• Female smokers are more at risk for heart disease than male smokers, finds a systematic review and meta-analysis published in the Lancet.  This is a concern, as smoking rates are increasing in young women worldwide.
  • Scientists are in the second phase of research into using microwaves to kill malaria parasites in mice.
  • A USC researcher has developed a lentiviral vector that can track down HIV infected cells which can potentially act as a marker for targeted elimination of infected cells.
  • People living with HIV who receive the proper ARV treatment have no greater risk of death compared to people without HIV, finds Danish researchers.
  • Around 30 genetic risk factors for developing multiple sclerosis have been discovered by a UK-led team.
  • A new study, showing that a simple blood test can accurately determine the sex of a fetus 95 percent of the time, is great news for parents at high risk of having a baby with rare genetic diseases. But it is bad news to those concerned that the tests could be used to abort a fetus based on gender.
  • British researchers have discovered that the introduction of spermless male mosquitoes can lead to fewer malaria carrying females.
  • A device which can test blood for HIV/AIDS in a matter of minutes has been developed by University of Columbia scientists.

DISEASES AND DISASTERS

  • As if it did not have enough problems already, Somalia is now facing cholera epidemic, World Health Organization officials said.
  • In an August 4 article, Trustlaw’s Lisa Anderson exposes the “silent health emergency” faced by child brides around the globe.  Not yet physically mature, they face grave danger in childbirth, due to narrow pelvises. Girls younger than 15 years of age have a five times greater risk of dying during delivery than women over 20; most of these deaths occur in developing countries that lack adequate and accessible pre- and postnatal care.
  • Amid contradictory government statistics, a volunteer group in Japan has recorded 500,000 radiation points across the country.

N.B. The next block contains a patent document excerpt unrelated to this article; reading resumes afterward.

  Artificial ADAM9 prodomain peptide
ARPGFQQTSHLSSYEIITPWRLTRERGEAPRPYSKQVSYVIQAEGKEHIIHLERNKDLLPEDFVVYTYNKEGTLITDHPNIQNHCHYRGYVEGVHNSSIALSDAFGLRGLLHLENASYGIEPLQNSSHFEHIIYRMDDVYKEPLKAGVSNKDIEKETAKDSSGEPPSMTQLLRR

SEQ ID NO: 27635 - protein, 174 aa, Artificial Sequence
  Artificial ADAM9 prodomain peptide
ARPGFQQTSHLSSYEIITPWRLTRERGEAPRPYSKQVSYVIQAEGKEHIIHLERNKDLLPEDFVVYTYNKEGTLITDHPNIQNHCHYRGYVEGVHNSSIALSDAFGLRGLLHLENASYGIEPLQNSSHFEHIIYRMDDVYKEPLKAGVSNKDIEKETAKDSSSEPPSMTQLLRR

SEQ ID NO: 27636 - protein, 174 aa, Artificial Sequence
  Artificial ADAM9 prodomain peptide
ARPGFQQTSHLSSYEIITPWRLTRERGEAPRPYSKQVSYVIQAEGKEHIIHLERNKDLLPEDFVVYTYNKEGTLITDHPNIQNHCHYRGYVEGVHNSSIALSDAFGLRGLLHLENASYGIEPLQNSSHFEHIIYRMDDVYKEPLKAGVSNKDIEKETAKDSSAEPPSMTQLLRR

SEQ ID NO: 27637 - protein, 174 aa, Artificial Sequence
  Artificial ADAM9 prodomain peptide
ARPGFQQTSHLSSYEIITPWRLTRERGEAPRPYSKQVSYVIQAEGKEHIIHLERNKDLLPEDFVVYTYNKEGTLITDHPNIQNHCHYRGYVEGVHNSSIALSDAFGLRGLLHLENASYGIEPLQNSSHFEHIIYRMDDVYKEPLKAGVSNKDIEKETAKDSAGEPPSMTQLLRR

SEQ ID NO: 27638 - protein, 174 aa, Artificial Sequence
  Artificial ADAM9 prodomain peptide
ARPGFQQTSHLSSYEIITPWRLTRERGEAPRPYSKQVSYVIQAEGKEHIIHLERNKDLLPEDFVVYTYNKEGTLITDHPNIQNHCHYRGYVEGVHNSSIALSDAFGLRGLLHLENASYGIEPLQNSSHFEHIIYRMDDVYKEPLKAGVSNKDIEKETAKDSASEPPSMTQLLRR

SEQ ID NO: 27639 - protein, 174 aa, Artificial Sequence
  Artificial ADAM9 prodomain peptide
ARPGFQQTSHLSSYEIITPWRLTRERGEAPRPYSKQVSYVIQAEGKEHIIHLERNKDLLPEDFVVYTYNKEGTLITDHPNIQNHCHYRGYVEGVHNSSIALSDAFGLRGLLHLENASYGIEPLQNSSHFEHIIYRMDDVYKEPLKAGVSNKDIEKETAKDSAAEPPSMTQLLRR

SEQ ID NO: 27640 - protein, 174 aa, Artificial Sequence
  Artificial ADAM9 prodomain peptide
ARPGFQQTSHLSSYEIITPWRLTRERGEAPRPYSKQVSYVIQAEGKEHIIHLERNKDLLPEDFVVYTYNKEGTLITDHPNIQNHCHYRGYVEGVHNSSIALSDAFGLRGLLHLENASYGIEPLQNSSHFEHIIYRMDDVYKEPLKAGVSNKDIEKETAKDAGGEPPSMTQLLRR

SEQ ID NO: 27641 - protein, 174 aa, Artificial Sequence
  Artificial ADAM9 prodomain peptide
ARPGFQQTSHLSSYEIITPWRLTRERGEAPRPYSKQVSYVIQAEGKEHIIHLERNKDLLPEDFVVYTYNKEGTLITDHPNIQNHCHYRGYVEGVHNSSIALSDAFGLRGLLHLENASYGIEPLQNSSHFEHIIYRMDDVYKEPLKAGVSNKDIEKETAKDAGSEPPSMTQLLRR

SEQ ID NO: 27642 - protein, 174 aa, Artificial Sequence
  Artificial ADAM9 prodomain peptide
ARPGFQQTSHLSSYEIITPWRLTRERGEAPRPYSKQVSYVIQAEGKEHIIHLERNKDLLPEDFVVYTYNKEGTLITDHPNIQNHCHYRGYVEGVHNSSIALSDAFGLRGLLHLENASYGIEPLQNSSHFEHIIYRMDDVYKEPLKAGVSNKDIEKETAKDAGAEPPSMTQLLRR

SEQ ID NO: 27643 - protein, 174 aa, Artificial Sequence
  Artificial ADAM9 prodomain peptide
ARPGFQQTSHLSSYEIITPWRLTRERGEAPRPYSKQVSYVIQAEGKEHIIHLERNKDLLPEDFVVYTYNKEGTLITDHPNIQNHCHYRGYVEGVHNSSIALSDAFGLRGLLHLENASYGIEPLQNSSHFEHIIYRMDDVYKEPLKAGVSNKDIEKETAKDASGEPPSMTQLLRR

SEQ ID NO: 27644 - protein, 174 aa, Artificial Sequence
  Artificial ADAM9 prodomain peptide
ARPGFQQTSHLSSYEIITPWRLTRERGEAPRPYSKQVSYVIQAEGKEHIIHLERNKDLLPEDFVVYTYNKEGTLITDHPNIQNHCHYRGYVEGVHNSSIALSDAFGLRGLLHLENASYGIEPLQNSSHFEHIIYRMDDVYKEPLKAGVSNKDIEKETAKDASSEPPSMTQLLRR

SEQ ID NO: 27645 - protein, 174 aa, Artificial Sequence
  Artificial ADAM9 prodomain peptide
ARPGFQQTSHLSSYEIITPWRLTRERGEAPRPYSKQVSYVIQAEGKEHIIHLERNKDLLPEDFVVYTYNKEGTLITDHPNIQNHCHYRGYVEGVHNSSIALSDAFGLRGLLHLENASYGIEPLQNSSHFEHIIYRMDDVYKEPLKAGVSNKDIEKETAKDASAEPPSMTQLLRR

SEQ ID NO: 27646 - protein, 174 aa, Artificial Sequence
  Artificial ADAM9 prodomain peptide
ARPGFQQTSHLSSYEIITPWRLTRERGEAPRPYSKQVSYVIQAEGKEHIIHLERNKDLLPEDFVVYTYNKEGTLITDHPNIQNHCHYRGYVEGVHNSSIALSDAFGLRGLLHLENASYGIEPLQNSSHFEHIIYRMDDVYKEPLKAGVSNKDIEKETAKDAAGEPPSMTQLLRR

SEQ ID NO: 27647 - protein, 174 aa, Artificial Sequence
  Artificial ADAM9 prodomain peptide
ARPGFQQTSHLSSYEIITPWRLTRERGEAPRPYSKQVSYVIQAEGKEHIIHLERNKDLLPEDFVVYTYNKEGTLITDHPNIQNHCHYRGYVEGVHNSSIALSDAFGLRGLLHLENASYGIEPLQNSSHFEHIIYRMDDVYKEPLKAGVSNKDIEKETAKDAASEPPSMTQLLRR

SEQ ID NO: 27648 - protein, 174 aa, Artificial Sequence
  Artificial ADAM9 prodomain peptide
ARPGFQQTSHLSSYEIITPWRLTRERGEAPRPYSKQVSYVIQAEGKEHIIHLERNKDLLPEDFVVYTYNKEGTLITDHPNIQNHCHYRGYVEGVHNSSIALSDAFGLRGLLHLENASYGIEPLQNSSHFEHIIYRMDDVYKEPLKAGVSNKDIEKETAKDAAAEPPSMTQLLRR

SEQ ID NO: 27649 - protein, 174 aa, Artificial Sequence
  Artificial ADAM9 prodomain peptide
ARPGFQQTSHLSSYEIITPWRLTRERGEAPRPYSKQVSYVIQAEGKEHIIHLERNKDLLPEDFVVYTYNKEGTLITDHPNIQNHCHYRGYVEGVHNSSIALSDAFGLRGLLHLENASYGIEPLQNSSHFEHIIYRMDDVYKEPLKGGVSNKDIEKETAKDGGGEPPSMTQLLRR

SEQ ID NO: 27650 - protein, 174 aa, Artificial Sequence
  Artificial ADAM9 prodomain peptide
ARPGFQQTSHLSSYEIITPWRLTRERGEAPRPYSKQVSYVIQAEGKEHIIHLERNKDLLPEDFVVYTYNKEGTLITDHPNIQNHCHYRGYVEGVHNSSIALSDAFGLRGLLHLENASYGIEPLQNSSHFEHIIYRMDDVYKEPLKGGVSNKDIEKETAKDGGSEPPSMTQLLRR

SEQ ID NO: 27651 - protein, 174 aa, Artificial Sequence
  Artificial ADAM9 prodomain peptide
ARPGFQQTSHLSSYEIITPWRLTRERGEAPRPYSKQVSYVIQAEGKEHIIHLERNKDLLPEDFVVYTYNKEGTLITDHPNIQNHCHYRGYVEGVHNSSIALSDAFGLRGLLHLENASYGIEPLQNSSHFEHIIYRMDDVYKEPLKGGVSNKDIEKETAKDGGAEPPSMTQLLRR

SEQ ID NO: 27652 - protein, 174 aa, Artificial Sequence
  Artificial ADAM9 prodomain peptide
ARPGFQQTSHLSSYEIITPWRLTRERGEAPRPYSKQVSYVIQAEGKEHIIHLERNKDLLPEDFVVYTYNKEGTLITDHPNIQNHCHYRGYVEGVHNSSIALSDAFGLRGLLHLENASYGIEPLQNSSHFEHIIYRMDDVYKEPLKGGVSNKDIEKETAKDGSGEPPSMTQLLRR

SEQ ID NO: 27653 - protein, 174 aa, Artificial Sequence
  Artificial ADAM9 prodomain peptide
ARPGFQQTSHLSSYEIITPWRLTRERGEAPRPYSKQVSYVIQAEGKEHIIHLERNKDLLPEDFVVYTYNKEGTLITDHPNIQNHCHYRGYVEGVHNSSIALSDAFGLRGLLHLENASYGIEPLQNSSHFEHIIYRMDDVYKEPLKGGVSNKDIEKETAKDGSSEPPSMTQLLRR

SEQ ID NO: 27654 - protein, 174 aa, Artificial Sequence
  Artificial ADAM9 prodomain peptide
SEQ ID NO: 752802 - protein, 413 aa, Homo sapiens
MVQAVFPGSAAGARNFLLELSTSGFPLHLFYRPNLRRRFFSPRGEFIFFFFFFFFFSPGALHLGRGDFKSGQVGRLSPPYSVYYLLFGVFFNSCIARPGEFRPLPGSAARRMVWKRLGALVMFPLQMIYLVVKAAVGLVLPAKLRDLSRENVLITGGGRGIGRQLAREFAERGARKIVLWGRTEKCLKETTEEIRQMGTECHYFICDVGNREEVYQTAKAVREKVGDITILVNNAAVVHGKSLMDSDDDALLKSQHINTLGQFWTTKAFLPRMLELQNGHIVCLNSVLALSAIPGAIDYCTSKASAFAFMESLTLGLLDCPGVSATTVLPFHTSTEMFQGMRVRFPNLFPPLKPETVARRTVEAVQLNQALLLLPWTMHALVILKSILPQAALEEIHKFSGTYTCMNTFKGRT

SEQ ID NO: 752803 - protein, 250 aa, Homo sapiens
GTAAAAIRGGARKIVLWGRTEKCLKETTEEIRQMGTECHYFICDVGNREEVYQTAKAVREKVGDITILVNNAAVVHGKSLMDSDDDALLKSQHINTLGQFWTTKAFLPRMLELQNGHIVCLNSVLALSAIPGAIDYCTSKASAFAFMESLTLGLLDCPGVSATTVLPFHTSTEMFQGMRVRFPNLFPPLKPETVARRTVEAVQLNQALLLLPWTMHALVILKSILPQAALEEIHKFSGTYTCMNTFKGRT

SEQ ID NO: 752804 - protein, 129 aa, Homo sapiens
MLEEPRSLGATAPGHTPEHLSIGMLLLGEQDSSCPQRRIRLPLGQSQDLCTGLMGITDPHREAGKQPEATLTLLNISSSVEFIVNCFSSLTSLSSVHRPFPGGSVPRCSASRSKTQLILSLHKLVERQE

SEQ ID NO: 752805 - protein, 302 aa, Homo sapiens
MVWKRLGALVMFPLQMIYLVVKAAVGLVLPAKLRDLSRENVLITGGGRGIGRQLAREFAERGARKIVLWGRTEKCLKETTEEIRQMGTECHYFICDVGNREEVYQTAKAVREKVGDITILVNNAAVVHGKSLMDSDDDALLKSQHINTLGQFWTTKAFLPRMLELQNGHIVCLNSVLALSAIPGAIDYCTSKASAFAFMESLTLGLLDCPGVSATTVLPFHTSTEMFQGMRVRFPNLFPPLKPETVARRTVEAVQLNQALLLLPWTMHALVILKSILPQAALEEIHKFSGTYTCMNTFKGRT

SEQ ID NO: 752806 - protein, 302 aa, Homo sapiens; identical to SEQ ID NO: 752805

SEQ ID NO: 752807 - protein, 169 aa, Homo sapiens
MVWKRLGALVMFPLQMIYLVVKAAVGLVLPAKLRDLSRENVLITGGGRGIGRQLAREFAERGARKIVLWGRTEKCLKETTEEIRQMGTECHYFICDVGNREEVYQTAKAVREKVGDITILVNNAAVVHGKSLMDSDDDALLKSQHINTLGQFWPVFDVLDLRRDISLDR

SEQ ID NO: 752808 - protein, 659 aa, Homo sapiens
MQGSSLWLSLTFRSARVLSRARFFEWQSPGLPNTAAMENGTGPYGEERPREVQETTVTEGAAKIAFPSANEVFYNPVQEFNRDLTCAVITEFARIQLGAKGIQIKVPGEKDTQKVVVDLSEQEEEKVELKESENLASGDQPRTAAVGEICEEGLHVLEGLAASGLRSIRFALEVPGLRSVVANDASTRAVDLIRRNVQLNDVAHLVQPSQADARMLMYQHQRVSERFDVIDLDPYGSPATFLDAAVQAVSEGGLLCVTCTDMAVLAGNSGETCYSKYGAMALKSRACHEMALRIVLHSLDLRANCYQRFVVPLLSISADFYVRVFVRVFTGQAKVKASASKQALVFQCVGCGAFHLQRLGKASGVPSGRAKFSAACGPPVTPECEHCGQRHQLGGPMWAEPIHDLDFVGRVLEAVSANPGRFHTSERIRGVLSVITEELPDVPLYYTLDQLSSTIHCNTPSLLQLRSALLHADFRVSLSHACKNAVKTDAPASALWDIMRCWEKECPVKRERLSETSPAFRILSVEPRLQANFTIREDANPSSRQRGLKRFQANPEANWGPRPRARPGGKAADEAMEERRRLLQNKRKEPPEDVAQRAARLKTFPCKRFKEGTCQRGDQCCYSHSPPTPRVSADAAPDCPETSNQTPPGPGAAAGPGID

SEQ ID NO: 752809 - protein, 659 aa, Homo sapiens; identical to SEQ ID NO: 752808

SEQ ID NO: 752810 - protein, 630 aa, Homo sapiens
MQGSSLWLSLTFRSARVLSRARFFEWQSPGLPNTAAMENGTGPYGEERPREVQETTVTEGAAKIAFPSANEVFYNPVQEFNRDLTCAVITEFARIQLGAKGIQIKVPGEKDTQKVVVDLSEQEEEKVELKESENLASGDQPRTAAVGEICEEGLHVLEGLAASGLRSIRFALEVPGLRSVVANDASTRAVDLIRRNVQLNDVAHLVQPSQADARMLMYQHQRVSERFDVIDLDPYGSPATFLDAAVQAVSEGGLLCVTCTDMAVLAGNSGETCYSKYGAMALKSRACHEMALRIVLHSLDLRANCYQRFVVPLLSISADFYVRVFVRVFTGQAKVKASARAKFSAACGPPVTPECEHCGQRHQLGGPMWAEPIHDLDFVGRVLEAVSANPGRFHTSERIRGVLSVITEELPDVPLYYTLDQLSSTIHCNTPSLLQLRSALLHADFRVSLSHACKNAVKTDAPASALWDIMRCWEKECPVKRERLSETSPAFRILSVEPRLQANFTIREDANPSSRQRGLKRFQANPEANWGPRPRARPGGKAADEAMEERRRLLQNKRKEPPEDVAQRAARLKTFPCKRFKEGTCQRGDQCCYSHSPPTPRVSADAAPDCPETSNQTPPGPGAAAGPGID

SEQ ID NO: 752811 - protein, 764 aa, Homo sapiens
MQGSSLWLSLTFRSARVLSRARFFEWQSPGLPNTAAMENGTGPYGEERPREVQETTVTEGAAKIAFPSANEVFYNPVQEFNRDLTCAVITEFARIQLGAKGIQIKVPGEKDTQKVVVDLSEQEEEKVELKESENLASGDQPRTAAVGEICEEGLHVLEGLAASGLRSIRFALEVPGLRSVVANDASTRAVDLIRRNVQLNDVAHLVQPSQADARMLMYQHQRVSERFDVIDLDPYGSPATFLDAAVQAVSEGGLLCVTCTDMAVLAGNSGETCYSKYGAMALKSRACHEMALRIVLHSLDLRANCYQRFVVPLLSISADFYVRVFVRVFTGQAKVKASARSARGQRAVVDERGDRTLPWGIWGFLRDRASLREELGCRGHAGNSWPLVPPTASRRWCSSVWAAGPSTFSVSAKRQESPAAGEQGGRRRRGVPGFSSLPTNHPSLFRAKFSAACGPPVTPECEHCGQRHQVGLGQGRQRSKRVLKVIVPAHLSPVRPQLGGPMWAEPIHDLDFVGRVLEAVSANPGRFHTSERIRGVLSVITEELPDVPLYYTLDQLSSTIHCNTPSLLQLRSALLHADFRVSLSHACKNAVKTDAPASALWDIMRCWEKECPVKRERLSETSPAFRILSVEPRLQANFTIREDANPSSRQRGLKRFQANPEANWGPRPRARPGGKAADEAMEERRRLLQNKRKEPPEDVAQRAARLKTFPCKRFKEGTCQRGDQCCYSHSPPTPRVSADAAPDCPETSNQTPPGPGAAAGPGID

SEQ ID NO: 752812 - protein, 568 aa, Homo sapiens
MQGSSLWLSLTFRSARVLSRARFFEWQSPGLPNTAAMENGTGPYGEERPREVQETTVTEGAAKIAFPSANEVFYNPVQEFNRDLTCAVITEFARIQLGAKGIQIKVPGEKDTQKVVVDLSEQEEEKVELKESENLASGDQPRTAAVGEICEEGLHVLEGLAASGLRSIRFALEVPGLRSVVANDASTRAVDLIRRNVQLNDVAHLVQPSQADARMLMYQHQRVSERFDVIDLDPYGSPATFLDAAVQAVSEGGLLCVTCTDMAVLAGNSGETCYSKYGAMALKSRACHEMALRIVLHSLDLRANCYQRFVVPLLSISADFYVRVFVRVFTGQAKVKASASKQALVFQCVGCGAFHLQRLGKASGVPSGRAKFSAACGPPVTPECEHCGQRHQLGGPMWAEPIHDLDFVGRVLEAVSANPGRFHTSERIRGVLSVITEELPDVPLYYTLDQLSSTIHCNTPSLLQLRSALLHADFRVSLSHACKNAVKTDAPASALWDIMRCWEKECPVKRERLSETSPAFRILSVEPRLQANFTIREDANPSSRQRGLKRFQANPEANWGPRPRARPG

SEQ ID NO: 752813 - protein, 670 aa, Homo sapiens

• A Mexican teenager is the first officially known person to die from vampire bat induced human rabies infection. The 19-year-old victim was a migrant farm worker in theUnited States.
  • An estimated 500,000 people in West Africaare infected with lassa fever every year, the World Health Organization (WHO) said on Wednesday, amid calls for more money to be spent on preventing its spread.
  • Over at Global Pulse, Human Rights Watch researcher Katherine Todrys guest blogs on the HIV epidemic in Uganda’s penitentiaries.Uganda, she explains, has often been presented as a success story in the global fight against HIV/AIDS, and has received over $1 billion from the US for AIDS programs. Many HIV-positive Ugandans have been excluded from these efforts, though, including gay men, drug users, sex workers, and prisoners.
  • Sleep apnea, a fairly common and treatable disorder that causes people to stop breathing momentarily while they sleep, may lead to cognitive impairment and even dementia.
  • Although cases of sexual violence have been under-counted during some wars, during others, such as the ongoing unrest in Libya, they have been vastly over-counted.
  • All patients getting cancer treatment should be told to do two and a half hours of physical exercise every week, says a report by Macmillan Cancer Support.